Archives for the month of: March, 2012

General Verrilli made a comment that illustrates a lack of understanding of both the individual insurance market and current tax code.  He claimed that that the individual market does not provide affordable care because subsidies are not available.

The most recent Kaiser Foundation study on group and individual premiums shows that in every state the average individual premium rate is lower than the average group insurance rate.  This spread can be as low as 3-4% in states like Massachusetts and Vermont to as high as 60-65% in states like Alabama and California.

The reasons for the differences in premium can be attributed to carrier risk selection, greater choice in plan designs and greater competition among carriers.

I am assuming that the  “lack of subsidies” comment means that the employer is not contributing to the individually purchased health insurance.  It is true that the employer can not directly pay for an individual health insurance policy, it is not true that it is not possible for an employer to provide funding for an employee’s health care and insurance expenses.  Section 105 of the IRS code permits employer funding of insurance premiums and any other section 213d expense via an employer funded Health Reimbursement Arrangement (fancy name for Section 105).  The accounts are subject to ERISA and offer the same tax advantages to the employer and employee as a traditional plan.

Setting up a benefit program in this way is the same thing as offer a 401(k) instead of a Defined Benefit Pension plan.  Employers can still provide compensation that is specifically targeted to health care expenses, but employees get to make their own choices in a personal and private setting.

I can wait to get past the first 30 seconds of the General’s open remarks from Tuesday.


General Verrilli offered up the primary reason so many people can’t afford health insurance.

He said that “insurance has become the predominant means of paying for healthcare”. That is not what insurance was designed to be. Here is the definition:

in·sur·ance   [in-shoor-uhns, -shur-] noun
the act, system, or business of insuring property, life, one’s person, etc., against loss or harm arising in specified contingencies, as fire, accident, death, disablement, or the like, in consideration of a payment proportionate to the risk involved.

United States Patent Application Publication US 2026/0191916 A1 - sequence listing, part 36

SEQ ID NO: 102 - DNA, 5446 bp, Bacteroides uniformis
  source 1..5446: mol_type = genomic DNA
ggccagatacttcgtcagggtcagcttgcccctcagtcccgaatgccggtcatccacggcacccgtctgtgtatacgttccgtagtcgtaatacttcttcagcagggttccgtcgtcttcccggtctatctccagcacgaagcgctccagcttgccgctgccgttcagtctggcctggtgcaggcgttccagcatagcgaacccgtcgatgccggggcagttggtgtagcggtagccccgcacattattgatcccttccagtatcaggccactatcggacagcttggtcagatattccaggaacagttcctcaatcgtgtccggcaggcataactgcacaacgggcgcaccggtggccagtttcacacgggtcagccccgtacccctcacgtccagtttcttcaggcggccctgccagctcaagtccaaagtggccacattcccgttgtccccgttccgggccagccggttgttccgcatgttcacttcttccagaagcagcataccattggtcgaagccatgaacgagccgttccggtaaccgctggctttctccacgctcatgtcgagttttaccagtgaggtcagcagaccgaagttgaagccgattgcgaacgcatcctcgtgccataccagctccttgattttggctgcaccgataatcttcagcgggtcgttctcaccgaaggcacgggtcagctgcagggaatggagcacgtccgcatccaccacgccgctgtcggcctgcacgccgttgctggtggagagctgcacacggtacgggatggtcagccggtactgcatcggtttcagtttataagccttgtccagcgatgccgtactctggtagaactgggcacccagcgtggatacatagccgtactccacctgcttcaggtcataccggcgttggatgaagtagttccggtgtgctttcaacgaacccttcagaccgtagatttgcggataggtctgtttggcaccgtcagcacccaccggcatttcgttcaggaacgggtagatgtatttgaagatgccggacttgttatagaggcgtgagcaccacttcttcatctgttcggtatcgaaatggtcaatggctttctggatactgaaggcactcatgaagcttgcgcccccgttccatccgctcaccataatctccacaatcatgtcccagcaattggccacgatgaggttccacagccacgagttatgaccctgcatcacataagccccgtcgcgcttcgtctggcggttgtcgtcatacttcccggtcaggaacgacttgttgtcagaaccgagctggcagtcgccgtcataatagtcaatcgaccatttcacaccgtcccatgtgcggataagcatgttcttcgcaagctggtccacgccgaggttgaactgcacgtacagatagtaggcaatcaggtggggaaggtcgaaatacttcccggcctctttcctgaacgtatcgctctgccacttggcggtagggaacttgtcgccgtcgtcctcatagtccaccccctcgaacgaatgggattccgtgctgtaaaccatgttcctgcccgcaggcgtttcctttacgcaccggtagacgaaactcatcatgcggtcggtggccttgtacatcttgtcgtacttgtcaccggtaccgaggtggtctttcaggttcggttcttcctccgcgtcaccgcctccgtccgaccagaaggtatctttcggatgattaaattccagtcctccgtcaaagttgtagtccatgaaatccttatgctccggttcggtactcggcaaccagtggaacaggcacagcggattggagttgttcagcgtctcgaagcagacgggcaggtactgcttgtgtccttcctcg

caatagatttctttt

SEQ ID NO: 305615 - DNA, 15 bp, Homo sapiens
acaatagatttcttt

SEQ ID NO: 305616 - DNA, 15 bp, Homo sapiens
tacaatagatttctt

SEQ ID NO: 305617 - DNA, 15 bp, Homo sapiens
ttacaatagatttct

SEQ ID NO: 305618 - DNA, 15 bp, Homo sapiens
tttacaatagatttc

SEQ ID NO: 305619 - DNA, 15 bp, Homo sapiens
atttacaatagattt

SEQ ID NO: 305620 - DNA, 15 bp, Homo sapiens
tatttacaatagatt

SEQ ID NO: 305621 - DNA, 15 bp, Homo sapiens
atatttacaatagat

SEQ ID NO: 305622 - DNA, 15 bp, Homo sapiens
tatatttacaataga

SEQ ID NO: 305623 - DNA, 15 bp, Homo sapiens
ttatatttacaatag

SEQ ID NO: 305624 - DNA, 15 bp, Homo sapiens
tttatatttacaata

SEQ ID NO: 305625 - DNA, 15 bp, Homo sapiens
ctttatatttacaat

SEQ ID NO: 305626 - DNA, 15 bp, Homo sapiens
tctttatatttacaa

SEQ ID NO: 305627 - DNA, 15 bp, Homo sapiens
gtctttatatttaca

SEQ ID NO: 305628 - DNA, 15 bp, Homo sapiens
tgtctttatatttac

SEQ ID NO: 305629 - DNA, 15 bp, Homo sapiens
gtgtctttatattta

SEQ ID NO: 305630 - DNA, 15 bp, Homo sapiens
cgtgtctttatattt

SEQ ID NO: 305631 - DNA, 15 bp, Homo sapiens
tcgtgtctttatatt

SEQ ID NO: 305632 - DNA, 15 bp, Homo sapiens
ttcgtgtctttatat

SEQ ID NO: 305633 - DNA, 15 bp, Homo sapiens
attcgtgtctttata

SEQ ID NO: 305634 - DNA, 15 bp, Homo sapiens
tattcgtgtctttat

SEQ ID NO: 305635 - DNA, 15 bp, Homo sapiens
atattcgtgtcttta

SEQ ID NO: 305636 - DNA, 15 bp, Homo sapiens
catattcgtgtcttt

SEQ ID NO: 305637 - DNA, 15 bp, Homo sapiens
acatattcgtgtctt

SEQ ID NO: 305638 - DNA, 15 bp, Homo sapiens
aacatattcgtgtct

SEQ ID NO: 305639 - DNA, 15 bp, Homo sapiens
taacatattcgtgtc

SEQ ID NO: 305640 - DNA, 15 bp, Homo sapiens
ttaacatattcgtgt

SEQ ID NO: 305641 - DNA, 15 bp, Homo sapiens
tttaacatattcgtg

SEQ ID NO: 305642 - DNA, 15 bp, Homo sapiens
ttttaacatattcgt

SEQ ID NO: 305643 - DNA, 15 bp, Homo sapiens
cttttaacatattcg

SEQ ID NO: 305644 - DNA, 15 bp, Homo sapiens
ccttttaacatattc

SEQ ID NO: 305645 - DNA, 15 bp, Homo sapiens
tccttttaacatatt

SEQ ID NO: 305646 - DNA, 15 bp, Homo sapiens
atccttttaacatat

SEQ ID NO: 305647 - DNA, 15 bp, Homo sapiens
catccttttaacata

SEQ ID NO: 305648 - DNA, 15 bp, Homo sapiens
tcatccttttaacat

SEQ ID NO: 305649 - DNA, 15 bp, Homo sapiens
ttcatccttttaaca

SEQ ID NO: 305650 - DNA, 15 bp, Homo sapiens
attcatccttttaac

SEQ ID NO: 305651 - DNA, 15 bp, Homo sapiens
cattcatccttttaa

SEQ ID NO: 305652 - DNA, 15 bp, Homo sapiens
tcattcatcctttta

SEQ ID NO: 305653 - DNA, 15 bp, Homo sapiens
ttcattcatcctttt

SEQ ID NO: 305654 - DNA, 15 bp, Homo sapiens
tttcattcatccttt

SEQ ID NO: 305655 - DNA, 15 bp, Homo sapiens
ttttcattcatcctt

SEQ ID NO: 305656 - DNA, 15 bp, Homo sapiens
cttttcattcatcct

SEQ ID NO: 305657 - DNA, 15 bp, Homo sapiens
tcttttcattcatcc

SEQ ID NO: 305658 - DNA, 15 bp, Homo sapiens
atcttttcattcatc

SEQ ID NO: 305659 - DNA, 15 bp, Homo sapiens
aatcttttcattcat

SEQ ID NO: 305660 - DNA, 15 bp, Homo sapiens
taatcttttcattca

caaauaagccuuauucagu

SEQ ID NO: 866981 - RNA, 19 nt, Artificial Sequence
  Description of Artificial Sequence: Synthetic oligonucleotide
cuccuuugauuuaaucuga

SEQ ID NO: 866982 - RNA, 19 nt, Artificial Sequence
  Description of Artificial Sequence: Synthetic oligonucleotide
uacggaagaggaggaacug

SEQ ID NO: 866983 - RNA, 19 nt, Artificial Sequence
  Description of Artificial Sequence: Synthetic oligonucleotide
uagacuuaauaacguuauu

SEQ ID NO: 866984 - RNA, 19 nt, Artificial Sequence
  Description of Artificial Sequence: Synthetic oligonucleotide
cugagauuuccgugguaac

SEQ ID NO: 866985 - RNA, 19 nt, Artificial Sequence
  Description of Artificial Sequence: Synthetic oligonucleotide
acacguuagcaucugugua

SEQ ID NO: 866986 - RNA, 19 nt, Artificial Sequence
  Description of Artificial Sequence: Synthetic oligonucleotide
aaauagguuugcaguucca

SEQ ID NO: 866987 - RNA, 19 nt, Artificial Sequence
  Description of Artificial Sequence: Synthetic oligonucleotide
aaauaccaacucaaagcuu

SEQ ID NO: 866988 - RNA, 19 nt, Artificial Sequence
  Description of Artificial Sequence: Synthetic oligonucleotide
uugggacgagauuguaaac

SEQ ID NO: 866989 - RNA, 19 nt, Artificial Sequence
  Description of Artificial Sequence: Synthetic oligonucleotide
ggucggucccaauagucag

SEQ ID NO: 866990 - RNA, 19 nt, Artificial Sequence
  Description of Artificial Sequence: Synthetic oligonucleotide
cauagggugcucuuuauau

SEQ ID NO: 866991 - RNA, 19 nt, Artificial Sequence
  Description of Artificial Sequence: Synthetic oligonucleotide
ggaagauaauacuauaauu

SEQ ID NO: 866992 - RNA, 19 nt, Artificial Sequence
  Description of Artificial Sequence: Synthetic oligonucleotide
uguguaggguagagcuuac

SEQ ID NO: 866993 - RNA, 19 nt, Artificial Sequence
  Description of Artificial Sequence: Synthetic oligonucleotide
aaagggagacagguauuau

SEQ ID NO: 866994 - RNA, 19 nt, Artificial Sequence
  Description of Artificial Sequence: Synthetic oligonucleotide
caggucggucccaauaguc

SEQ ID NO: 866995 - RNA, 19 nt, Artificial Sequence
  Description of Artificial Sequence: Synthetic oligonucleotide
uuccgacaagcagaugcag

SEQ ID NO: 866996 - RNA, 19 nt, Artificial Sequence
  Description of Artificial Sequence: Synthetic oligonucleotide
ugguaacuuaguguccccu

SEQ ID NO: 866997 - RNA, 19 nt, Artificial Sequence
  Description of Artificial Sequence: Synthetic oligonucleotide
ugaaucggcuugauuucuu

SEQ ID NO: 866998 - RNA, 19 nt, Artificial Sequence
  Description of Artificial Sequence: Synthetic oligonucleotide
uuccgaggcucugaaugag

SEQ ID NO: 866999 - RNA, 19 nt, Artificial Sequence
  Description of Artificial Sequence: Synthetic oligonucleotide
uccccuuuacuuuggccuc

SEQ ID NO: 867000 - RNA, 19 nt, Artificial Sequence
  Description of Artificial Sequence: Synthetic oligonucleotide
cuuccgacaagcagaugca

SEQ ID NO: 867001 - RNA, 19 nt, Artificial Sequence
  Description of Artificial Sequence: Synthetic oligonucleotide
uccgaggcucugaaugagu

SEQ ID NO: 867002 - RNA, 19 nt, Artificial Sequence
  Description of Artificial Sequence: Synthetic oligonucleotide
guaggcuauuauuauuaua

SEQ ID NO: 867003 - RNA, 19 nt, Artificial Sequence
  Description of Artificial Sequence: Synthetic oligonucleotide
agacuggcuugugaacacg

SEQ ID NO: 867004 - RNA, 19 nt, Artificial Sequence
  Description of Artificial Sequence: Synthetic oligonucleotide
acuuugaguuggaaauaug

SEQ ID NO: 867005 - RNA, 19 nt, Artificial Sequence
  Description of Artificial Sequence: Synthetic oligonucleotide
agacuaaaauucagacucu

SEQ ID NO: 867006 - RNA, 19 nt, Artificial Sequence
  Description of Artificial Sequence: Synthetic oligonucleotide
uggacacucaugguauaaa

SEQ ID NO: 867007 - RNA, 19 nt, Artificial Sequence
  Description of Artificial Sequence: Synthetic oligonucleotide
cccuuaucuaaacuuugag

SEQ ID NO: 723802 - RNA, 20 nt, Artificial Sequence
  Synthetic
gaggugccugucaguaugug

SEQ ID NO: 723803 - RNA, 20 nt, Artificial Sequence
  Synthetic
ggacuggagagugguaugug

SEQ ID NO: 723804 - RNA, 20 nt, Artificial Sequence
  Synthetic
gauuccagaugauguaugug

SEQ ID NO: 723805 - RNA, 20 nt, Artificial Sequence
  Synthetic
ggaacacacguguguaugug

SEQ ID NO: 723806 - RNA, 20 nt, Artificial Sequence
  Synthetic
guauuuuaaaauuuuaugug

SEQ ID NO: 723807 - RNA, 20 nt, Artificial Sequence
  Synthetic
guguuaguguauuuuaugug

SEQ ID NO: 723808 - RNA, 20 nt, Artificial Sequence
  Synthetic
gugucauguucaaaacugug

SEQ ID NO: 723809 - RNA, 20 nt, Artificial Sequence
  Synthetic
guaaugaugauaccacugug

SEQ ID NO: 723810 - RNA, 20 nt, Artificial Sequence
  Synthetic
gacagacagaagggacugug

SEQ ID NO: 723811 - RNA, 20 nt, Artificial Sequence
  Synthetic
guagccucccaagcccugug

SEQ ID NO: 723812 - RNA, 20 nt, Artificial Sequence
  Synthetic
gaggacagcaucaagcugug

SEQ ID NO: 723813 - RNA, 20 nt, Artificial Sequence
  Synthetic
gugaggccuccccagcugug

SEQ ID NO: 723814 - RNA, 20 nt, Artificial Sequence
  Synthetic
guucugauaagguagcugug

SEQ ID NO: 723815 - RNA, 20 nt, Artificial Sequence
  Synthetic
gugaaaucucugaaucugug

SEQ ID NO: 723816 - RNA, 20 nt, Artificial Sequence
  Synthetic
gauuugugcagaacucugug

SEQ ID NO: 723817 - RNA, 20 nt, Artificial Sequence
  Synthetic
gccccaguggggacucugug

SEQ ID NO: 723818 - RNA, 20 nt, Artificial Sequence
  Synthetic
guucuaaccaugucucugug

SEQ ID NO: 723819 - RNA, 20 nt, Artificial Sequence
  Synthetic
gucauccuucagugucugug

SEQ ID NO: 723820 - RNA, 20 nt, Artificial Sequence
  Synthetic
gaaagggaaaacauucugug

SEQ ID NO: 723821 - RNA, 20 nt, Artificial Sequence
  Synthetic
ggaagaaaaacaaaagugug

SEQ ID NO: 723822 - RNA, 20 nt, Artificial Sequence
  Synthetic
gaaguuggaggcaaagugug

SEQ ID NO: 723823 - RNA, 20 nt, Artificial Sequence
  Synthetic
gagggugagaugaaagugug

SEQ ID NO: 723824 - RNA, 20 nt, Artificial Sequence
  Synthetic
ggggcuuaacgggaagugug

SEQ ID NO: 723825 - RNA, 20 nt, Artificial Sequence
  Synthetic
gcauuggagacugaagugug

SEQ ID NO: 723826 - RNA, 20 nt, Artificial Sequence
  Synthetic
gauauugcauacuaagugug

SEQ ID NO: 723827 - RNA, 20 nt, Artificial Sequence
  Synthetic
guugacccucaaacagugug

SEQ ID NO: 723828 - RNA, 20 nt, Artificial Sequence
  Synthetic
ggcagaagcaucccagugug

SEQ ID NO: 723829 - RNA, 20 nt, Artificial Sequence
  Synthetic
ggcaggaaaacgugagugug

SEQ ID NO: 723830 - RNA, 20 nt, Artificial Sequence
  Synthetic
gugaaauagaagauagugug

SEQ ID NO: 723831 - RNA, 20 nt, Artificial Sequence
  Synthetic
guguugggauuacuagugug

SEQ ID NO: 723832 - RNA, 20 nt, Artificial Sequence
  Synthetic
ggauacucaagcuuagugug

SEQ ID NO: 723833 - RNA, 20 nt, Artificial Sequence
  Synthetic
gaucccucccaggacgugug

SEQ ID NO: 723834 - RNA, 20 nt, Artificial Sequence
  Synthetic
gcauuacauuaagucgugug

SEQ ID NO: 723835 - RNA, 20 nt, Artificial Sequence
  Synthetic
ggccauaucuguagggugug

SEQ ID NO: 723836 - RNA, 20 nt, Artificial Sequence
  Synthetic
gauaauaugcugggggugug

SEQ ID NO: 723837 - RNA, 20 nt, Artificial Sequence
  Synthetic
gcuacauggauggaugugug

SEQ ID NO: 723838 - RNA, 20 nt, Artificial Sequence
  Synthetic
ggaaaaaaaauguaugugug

coverage by contract in which one party agrees to indemnify or reimburse another for loss that occurs under the terms of the contract.
the contract itself, set forth in a written or printed agreement or policy.
the amount for which anything is insured.
an insurance premium.

How much would auto insurance cost if it were required to “cover” such losses as gas, oil changes, wash, wax, dings and etc. ?  Would the Prius driver be happy paying the same premium as the Hummer driver?


I think a lot of the people behind the PPACA are really for a “Single Payer” system.  So am I.  Of course I believe the single payer should be the same single payer who makes the utility payment, car payment, TV purchase and food purchase.  

Even in the ultra regulated insurance market there exists a path to allow all of us to pay for routine care, accumulate the wealth required for more expensive procedures, purchase the catastrophic protection required for the $50K+ claims and not have to spend 30% of our take home for “insurance” that covers items that are easily budget-able.

The 60 years of 3rd party payment have brought us where we are today and it is unsustainable.  Stop arguing about whether your boss or your neighbor should pay for your health care expenses.  Let’s debate who the Single Payer should be – the individual/consumer or the federal government.

Just keep in mind that when someone else pays they bills they get to set the limits.

Testing the new site and getting ready to set entreprenuers free, no matter what SCOTUS decides on ObamaCare.

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